HNRS courses are especially designed for the Honors Scholars. They are limited to a maximum of 20 students each; some are capped at lower enrollments. They feature lots of discussion and more written work than regular liberal arts classes. Because they are interdisciplinary courses, their credits can be assigned to cover various liberal arts requirements, giving students more flexibility in scheduling their classes. H-sections are liberal arts courses usually limited to enrollment by Honors Students and Honors Scholars; a few courses are open to majors in the discipline too. Downsized from regular sections, they often have more written and oral work than regular classes.
Yes, after their first semester. Honors Scholars get first chance to enroll in the HNRS courses, but Honors Students can sign up to be placed on a waiting list for seats that remain available after the initial registration. These places will be assigned on a first come, first served basis to the Honors Students. Only Honors Scholars can enroll in HNRS 201 and 202 in the fall semester because these courses are program requirements for them. Honors Students can petition to enroll in HNRS 203, 204, and 205.
The most obvious advantage is having classes that are smaller. HNRS courses are capped at 20 students each. The H-sections are downsized by 10-50 percent. Smaller classes also mean more discussion, more interaction among the students, and closer contact with the teachers.
Basically contract classes allow eligible students in upper level courses in their majors to negotiate with their teachers to change some requirements to convert regular courses to honors courses. Typically, students and teachers negotiate on research projects or papers to expand or enhance what is already in the class syllabus. Often students can drop or alter other requirements so that they are not adding a great deal of extra work, merely changing the emphasis. Many universities use contract courses to enable students to earn upper level honors credits. To be eligible, students must have completed three HNRS courses, three H-sections, or petition through the honors office.
All honors classes, including contract classes, are designated on the students' transcripts. Therefore, everyone who sees a transcript can tell how much honors work a student has done.
Research shows that employers, graduate schools, and professional schools value honors work quite highly. In fact, often they will choose students with honors credits over those without honors work but having a higher GPA. Their rationale is that a 4.00 GPA is harder to interpret than the academic experiences--more writing, speaking, group projects, and student-faculty interaction--involved in honors classes.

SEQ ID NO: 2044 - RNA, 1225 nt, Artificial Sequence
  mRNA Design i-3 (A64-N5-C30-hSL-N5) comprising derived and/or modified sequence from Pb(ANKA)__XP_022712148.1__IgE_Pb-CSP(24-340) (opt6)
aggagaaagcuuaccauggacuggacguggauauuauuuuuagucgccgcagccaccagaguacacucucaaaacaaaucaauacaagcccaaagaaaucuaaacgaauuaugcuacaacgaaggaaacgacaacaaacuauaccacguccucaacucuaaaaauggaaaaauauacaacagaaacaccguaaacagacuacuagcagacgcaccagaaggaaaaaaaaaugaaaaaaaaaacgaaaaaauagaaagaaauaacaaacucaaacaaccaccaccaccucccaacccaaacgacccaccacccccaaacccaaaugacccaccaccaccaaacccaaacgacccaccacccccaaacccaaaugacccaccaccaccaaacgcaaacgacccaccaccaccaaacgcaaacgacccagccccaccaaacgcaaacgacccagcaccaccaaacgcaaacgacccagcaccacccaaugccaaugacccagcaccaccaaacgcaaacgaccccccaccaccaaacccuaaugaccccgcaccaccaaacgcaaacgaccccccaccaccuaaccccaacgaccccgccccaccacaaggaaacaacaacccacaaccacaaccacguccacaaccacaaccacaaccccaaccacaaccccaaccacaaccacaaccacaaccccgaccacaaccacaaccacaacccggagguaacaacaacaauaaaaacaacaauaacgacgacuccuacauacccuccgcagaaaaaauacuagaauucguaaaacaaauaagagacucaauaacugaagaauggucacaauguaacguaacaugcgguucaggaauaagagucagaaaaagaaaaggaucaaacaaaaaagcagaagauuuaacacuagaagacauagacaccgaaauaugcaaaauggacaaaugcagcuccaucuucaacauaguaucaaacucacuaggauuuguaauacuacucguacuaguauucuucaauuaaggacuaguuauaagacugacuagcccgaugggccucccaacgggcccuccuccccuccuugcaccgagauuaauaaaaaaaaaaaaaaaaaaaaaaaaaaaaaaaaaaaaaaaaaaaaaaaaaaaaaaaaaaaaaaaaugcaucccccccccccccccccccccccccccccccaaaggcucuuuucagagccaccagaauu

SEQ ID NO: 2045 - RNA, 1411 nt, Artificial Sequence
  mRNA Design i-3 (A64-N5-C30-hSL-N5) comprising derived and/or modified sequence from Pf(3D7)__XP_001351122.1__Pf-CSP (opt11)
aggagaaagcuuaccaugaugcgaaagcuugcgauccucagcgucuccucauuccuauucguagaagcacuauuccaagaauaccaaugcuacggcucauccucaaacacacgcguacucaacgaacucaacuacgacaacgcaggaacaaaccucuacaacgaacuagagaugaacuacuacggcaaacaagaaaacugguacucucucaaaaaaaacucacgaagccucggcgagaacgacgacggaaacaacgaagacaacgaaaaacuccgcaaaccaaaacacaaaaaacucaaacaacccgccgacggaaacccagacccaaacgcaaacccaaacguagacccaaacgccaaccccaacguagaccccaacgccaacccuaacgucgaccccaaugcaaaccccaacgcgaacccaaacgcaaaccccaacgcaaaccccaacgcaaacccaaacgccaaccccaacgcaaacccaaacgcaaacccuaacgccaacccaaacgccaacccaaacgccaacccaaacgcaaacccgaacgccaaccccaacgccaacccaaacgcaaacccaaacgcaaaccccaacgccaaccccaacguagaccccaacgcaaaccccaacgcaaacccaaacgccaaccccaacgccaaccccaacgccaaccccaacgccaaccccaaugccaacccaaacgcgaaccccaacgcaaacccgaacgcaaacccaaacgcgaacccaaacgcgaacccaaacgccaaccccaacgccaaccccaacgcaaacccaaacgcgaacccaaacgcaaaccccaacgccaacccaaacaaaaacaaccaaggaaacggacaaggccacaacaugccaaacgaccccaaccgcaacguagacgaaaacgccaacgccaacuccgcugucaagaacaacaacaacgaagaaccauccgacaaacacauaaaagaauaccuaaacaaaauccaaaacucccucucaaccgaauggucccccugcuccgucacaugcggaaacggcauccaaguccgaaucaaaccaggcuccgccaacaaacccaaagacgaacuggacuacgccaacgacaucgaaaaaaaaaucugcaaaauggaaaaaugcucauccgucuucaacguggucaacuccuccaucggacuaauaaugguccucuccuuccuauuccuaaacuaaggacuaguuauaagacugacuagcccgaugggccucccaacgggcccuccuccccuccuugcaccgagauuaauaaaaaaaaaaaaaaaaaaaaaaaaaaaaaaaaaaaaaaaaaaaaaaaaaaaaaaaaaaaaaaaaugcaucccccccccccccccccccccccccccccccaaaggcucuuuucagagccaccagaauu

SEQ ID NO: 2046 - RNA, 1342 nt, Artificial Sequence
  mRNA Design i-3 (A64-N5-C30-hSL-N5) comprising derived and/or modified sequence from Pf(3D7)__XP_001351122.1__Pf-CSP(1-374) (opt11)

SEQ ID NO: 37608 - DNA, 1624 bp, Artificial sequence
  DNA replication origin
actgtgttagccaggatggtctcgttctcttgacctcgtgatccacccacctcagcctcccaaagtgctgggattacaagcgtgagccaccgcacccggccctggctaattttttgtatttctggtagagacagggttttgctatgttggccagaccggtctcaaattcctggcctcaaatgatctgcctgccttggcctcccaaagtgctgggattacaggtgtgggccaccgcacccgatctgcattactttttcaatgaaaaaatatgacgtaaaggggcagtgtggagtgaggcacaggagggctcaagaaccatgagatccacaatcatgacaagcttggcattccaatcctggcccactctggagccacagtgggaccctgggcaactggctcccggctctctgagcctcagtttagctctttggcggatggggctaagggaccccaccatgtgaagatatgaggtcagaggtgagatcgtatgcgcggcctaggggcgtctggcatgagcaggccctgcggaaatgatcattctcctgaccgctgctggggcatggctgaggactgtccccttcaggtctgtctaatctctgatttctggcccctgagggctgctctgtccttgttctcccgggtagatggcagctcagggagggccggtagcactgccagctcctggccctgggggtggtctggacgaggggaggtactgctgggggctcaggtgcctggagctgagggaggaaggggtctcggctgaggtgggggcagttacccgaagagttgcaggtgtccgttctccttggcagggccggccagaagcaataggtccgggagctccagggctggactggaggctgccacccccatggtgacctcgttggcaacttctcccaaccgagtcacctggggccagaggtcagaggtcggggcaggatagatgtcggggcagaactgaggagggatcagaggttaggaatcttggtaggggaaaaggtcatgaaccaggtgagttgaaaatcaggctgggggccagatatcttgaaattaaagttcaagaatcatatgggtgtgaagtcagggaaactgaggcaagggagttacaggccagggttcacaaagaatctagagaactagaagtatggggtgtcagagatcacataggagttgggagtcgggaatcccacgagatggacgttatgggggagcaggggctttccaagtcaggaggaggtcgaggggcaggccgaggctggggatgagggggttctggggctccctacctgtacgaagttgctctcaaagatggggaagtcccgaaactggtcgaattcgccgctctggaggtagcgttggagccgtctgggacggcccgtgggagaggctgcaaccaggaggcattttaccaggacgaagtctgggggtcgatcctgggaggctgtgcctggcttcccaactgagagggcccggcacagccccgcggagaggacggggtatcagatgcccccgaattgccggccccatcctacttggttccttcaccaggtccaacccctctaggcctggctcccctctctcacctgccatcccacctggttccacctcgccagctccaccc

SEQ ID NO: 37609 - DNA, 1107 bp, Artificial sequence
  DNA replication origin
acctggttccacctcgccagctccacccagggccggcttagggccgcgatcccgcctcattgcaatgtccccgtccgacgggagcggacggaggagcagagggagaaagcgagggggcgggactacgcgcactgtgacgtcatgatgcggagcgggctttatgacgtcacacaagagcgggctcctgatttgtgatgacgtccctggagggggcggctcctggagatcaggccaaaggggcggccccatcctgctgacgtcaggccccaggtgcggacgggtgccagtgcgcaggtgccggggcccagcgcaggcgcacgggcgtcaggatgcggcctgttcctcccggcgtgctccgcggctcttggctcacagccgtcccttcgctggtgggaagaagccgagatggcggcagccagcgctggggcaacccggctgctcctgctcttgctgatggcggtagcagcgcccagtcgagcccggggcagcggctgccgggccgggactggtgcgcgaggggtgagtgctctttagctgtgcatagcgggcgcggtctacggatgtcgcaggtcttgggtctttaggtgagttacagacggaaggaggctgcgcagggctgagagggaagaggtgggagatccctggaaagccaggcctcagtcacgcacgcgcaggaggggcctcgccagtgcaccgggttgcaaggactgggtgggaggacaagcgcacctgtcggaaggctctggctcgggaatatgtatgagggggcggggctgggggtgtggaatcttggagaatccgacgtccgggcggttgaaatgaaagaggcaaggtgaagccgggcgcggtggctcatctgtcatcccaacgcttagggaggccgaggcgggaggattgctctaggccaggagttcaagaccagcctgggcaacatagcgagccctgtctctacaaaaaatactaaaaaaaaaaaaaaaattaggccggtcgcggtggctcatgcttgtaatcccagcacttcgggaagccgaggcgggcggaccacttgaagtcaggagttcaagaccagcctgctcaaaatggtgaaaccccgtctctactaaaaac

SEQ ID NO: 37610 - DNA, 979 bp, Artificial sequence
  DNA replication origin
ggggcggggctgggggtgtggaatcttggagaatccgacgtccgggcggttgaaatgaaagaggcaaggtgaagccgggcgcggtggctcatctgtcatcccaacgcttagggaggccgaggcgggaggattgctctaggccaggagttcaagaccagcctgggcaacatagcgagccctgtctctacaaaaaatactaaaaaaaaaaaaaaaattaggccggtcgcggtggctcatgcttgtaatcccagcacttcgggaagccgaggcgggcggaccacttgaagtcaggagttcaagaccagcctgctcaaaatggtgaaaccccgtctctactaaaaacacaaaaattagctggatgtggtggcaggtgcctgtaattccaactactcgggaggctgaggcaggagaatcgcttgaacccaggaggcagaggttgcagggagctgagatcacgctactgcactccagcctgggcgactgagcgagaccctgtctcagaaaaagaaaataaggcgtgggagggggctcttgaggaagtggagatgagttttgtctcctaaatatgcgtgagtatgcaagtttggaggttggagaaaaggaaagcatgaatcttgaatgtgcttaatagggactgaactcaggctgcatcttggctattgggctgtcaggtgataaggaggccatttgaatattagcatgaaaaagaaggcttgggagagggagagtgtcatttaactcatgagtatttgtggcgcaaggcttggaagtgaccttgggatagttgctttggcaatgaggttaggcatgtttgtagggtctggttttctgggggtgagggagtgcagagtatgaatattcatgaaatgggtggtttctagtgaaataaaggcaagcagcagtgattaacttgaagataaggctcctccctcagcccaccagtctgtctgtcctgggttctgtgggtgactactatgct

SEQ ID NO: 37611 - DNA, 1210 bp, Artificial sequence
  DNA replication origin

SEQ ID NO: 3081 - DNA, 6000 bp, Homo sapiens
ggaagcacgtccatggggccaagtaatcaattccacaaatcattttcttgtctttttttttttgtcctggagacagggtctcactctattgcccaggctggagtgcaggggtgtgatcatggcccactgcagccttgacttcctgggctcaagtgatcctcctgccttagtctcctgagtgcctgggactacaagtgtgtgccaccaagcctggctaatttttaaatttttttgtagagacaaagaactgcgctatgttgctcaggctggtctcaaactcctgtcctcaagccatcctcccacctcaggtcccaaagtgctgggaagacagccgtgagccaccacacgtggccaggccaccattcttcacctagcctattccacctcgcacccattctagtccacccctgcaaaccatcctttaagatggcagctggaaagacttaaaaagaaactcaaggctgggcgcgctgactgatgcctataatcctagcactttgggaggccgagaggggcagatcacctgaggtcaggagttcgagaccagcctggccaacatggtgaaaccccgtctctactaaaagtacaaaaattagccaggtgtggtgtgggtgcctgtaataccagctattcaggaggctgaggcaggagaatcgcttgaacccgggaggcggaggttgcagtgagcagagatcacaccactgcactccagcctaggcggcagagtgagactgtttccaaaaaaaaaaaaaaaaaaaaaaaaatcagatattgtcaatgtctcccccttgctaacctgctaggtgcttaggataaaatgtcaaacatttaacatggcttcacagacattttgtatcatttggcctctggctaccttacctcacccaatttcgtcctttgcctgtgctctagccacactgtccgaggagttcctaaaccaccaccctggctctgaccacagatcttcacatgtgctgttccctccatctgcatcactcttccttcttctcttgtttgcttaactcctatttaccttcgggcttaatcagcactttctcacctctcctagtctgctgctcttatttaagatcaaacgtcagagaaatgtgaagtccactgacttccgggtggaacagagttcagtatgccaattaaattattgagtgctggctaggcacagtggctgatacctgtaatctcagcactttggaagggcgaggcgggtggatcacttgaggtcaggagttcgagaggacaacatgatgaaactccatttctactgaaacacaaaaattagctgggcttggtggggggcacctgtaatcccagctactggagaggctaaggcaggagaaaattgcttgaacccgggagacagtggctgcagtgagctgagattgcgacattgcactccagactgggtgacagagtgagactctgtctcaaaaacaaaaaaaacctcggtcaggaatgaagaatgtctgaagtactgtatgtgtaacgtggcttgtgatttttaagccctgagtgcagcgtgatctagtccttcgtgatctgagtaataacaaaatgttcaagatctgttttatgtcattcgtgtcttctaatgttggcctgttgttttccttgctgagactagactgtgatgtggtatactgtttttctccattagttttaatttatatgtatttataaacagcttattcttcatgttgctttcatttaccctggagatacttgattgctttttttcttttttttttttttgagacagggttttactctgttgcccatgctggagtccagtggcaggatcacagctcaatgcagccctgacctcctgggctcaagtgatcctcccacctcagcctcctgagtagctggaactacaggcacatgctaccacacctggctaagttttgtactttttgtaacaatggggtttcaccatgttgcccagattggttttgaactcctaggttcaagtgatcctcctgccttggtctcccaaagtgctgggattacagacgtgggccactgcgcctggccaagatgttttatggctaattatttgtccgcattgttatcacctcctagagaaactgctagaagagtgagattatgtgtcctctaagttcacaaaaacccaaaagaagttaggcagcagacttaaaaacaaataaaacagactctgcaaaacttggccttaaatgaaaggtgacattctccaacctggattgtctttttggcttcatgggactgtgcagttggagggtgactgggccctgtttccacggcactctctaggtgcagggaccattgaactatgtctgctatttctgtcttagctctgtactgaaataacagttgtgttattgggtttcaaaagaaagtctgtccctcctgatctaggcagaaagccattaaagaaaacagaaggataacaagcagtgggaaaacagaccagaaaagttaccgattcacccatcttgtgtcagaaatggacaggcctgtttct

To graduate from the Honors College you must earn 20 hours of honors credit, including three HNRS courses or three H-sections, and 4 Honors Contracts. To graduate with distinction--the highest level of recognition in the honors college, you will need to earn 26 hours of honors credits, including four HNRS courses or four H-sections and four honors contract courses including an honors capstone in your major, while maintaining a 3.5 GPA.
Not necessarily. Honors classes are designed to be different, not more difficult than the regular classes. The emphasis is placed on different skills and applications, not necessarily more work or harder work. Some students may find some assignments more difficult because of their own tastes. Statistical studies have revealed that first semester honors students actually do better than comparably prepared students not doing honors courses. We think that the strong support system within the program and the smaller classes and greater interaction with teachers all help the freshmen honors students do well.
Our Honors College is designed to serve all majors at Harding. We currently have students from all six colleges and schools involved, and we think that all majors, including the pre-professional ones, can benefit. The classes are smaller, the interaction with other students and teachers is more effective, and the stimulation of working with well-prepared students enlivens each course. In addition, the leadership skills taught and modeled help all graduates to progress in their careers and further education.
Many go on to prestigious graduate schools, such as Duke, Michigan, Indiana, and Louisiana State. Some go on to professional programs at UAMS, Georgia Tech, Missouri, Texas, Virginia, Georgetown, and Vanderbilt. Some continue their Christian education at Harding Graduate School in Memphis, Pepperdine or ACU. Some immediately start their careers in teaching or nursing or with firms like Penzoil. Some dedicate themselves to full-time ministry positions as pulpit and youth ministers, as well as missionaries.
The Honors Office is in the Sears Honors Center. The Honors Center houses a comfortable living room, a kitchen, and administrative offices.
You can reach Dr. J Warren Casey, the Dean of the Honors College, by calling 501-279-4056 or by e-mail at firstname.lastname@example.org.
Debbie Baird, the Honors College administrator, may be reached at 501-279-4157 or by e-mail at email@example.com.
Debbie Stewart, the Honors College administrative assistant, may be reached at 501-279-4056 or by email at firstname.lastname@example.org.